7. 7. Even if the farmers could obtain the seeds, growing GMO crops has so far only been cost-effective in monoculture. The loss of diversity implicit in monoculture farming eliminates the farmer’s insurance against crop failures and global price drops, leaving small-scale farmers more—not less—vulnerable to starvation.<br />
  8. 8. 10REASONS WHY <br />we don’t need GM foods<br />1. GM foods won’t solve the food crisis<br />2. GM crops do not increase yield potential<br />3. GM crops increase pesticide use<br />4. There are better ways to feed the world<br />5. Other farm technologies are more successful<br />6. GM foods have not been shown<br /> to be safe to eat<br />7. Stealth GMOs are in animal feed<br /> — without consumers’ consent<br />8. GM crops are a long-term<br /> economic disaster for farmers<br />9. GM and non-GM cannot co-exist<br />10. We can’t trust GM companies<br />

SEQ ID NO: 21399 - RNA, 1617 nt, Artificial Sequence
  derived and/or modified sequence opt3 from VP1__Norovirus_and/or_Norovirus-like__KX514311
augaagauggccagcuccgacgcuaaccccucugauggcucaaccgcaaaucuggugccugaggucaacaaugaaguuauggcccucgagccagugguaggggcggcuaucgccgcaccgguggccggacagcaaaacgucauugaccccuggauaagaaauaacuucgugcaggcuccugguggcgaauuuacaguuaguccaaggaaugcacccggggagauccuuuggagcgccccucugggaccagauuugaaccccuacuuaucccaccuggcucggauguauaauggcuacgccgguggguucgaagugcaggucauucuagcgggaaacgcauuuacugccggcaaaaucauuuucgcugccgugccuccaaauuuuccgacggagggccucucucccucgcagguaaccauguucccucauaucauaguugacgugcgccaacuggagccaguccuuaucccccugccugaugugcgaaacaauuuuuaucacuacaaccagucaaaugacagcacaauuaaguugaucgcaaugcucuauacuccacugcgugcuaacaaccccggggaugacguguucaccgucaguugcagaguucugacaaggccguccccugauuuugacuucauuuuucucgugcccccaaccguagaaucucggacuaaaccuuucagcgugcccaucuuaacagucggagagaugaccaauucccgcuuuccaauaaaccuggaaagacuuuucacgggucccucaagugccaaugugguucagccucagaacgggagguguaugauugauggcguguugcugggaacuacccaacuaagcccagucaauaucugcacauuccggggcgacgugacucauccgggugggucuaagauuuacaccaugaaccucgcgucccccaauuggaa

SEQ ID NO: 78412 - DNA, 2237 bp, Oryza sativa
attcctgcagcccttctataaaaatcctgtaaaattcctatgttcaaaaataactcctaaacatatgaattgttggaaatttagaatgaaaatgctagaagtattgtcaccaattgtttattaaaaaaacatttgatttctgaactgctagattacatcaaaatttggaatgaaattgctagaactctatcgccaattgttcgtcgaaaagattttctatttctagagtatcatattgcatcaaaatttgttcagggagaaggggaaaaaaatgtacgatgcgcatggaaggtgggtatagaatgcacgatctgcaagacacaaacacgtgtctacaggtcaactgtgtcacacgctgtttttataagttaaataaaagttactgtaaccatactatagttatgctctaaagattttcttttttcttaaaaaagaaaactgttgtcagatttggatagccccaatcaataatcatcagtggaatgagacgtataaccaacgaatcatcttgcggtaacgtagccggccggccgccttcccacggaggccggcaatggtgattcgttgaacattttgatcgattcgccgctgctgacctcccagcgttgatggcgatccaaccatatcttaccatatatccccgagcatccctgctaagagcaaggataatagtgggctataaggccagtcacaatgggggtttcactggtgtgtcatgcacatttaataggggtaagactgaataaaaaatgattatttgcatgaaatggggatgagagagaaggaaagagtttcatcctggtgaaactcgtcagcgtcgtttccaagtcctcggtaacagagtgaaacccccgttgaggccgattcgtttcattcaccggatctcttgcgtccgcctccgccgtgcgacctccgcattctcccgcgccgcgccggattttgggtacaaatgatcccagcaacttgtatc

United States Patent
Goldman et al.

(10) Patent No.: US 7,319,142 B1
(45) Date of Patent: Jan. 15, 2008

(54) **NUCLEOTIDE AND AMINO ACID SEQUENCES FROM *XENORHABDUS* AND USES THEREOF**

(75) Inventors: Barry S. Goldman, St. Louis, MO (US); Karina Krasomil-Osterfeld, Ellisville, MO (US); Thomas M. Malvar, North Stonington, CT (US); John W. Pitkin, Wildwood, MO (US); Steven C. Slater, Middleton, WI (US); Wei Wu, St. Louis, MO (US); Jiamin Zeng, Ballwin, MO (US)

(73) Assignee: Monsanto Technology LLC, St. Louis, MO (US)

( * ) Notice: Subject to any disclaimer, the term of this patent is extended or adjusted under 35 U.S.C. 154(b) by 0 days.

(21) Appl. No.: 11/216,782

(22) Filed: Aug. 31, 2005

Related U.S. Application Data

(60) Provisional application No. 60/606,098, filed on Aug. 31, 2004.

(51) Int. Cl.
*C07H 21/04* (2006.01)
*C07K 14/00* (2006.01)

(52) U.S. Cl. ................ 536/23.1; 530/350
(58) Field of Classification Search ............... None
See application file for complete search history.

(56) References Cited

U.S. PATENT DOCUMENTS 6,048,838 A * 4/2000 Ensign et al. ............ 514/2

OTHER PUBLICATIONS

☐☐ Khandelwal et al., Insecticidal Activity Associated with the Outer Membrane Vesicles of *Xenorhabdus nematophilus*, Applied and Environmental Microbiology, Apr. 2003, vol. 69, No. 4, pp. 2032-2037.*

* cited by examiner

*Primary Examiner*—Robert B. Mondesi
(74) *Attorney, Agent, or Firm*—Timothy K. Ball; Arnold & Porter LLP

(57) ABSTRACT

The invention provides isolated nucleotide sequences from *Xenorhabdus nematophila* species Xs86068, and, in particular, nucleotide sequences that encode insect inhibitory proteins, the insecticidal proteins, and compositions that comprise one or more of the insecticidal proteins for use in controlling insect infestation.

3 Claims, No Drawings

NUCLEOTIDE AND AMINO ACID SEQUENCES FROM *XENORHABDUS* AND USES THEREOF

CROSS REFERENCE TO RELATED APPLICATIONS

9. 9. Biohazards<br />The global controversy over genetically engineered foods has spurred a crisis of confidence for the biotechnology industry and its investors worldwide. The situation has been exacerbated by the growth of opposition in the United States, once touted as a relatively "safe" market for GM foods. Despite the expenditure of $50 million a year to promote the benefits of biotechnology in the U.S., the discovery last year of products contaminated with a variety of Aventis Bt corn that is not approved for human consumption once again put the industry on the defensive.<br />The prevailing corporate strategy of the late 1990s-when a hoped-for synergy between agricultural and pharmaceutical biotechnology led to the development of new giant "life science" conglomerates-has now been virtually shattered. In the last two years, we have seen Monsanto's agricultural division spun off from its recent parent company Pharmacia, the creation of a separate agribusiness company, Syngenta, from the relevant divisions of Zeneca and Novartis, and the announcement that Aventis is also seeking to separate out its agbiotech divisions.<br />